The following is a summary of my presentation to the Select Standing Committee on Agriculture, Fish and Food of the Legislative Assembly of British Columbia. My appearance before the Committee and this presentation were part of the Committee’s Consultation on Agricultural Soil and Carbon Sequestration.

An Introduction to Agroforestry

silvopasture, east Kootenay

It’s an honour to speak to the Committee today about agroforestry, a group of farm practices with tremendous potential to help protect the soil, build soil carbon, and contribute positively to enhancing agricultural production in British Columbia.

I will start today by introducing and defining agroforestry and then highlight some of the prominent agroforestry practices already in use in BC, specifically shelterbelts, silvopastures and farm riparian buffers. I’ll conclude with some priority actions for supporting agroforestry development and adoption in the province.

Agroforestry is a group of agricultural practices, all of which have in common the intentional, integrated use of trees or shrubs with other crop or livestock production. Agroforestry systems leverage the positive benefits of integration to enhance production, achieve conservation goals, or to buffer and transition land use at the farm or landscape level.

There is considerable misunderstanding about agroforestry in BC. For clarity therefore, let me emphasize that agroforestry is NOT:

  1. Forestry. It is not woodlots on farms. It does not overlap with forest practices, and this distinction is now laid out in the regulations of the Professional Governance Act.

  2. Agroforestry is also not the afforestation of farmland into closed forests, for carbon credits or otherwise. Agroforestry strategically uses low-density tree and shrub plantings to achieve specific goals. And, indeed it is an unrestricted, permitted farm use within the Agricultural Land Reserve.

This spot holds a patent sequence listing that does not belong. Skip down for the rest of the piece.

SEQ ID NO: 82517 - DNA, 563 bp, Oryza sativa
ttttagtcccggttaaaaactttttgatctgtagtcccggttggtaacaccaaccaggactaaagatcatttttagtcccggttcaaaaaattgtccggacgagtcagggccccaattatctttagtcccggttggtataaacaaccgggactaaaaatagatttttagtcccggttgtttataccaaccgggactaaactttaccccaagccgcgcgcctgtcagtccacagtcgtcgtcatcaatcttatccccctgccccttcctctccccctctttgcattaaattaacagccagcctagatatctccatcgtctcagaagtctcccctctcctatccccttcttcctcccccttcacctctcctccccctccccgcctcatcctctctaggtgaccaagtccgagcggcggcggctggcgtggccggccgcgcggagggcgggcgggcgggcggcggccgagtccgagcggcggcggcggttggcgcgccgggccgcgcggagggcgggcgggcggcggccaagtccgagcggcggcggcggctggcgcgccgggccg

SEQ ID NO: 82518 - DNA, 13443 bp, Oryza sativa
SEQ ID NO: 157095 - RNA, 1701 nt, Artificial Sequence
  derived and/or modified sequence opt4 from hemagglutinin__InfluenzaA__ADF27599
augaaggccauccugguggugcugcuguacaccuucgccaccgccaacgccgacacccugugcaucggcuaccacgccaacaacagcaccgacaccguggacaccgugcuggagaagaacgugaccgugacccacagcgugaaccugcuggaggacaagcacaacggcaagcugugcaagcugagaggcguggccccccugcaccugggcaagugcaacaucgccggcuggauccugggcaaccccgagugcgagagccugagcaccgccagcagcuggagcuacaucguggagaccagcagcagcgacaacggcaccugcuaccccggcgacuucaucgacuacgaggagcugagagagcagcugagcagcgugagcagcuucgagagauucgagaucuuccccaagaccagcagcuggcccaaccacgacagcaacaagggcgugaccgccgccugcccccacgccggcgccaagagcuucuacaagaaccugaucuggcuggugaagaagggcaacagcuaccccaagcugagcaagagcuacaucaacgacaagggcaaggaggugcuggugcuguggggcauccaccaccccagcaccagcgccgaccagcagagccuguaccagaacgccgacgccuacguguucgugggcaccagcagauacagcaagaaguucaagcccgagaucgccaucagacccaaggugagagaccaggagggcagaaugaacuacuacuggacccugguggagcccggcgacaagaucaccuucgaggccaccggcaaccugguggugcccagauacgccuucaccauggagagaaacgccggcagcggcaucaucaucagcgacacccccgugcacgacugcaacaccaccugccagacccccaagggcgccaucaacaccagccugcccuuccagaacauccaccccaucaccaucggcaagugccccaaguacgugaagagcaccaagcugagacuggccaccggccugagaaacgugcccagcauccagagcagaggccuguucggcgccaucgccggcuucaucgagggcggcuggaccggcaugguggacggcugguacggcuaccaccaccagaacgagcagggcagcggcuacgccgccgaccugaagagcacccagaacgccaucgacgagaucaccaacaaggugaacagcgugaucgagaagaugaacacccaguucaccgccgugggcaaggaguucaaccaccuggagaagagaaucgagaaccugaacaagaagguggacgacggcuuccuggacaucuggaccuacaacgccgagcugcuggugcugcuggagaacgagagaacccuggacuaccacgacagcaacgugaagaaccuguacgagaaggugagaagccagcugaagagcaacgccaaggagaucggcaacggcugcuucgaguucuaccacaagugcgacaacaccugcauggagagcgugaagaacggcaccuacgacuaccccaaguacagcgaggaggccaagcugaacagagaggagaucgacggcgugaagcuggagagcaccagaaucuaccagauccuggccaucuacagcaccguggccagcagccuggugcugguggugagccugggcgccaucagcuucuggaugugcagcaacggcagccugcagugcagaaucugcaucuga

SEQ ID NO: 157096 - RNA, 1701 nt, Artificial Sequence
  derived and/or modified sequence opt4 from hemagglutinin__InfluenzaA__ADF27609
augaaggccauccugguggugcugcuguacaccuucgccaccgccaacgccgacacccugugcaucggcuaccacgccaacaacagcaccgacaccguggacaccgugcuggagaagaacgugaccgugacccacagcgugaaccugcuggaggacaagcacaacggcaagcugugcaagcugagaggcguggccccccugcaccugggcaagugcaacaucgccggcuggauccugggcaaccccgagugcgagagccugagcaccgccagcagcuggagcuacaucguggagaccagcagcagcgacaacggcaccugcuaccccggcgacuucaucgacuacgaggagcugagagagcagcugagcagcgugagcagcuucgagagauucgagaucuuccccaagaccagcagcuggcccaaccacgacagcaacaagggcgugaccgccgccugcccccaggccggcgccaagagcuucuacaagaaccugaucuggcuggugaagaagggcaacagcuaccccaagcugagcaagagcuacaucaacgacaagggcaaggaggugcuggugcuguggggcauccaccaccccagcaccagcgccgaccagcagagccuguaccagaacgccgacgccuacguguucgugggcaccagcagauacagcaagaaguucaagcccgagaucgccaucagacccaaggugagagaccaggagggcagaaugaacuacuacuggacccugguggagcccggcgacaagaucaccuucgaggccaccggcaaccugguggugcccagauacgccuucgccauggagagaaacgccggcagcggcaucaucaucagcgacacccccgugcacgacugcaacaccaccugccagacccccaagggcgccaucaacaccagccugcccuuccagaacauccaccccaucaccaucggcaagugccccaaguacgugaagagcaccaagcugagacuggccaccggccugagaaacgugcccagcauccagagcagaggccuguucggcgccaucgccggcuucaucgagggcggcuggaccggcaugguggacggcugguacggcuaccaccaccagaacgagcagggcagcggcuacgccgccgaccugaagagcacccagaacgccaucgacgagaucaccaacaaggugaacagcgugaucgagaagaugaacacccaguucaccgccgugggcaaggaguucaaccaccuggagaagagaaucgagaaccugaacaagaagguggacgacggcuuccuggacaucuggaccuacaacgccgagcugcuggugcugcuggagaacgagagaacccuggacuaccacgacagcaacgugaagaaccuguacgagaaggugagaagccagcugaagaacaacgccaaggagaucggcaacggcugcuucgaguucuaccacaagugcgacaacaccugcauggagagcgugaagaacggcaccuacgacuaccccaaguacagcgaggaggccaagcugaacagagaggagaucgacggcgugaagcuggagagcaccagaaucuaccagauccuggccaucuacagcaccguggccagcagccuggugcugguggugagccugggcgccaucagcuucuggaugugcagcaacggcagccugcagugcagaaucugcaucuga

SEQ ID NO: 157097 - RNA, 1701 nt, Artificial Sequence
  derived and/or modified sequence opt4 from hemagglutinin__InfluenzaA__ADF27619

3. Agroforestry is also not synonymous with non-timber forest products (NTFPs). Some mistakenly equate harvesting mushrooms or floral greenery from forests with agroforestry. NTFPs are a potential output from some agroforestry settings, but they are not one in the same.

Agroforestry’s Strength for BC Agriculture

The focus of the Committee’s consultations is on agricultural soil and carbon sequestration, and agroforestry can, and already is, contributing positively to this. Recent research from the University of Alberta highlights that agroforestry zones can store 46 tonnes per hectare more carbon in above-ground biomass and 36 tonnes per hectare more carbon in the soil than adjacent cropland (An et al. 2022. GCB Bioenergy 14(6):669-680).

The real strength of agroforestry however, is as climate change and extreme weather adaptation tool, that generates many co-benefits, including carbon sequestration.

Shelterbelts and Hedgerows

hedgerow, Delta Wildlife and Farmland Trust

I’ll now highlight some agroforestry practices to demonstrate their potential, starting with shelterbelts and hedgerows.

We have long history of sheltebelt use in Canada, and there are very well documented benefits of using tree and shrub plantings around and across fields for reducing wind erosion and conserving soil moisture to the benefit crop and livestock production.

And they do so, while adding carbon storage to farmland.

Linear plantings of trees and shrubs along fencelines and road edges also present a large opportunity to sequester carbon above and below ground, with no interference to crop production, and indeed many situations where they can enhance yields.

The most recent Census of Agriculture found 38 percent of farms in BC already use shelterbelts or hedgerows, and their use has grown signifcantly in the last decade, though it still lags the national average.


silvopasture, Jay Springs Lamb, Pinantan Lake

The second agroforestry practice I’ll highlight is silvopasture: the integration of trees or shrubs with forage production and livestock.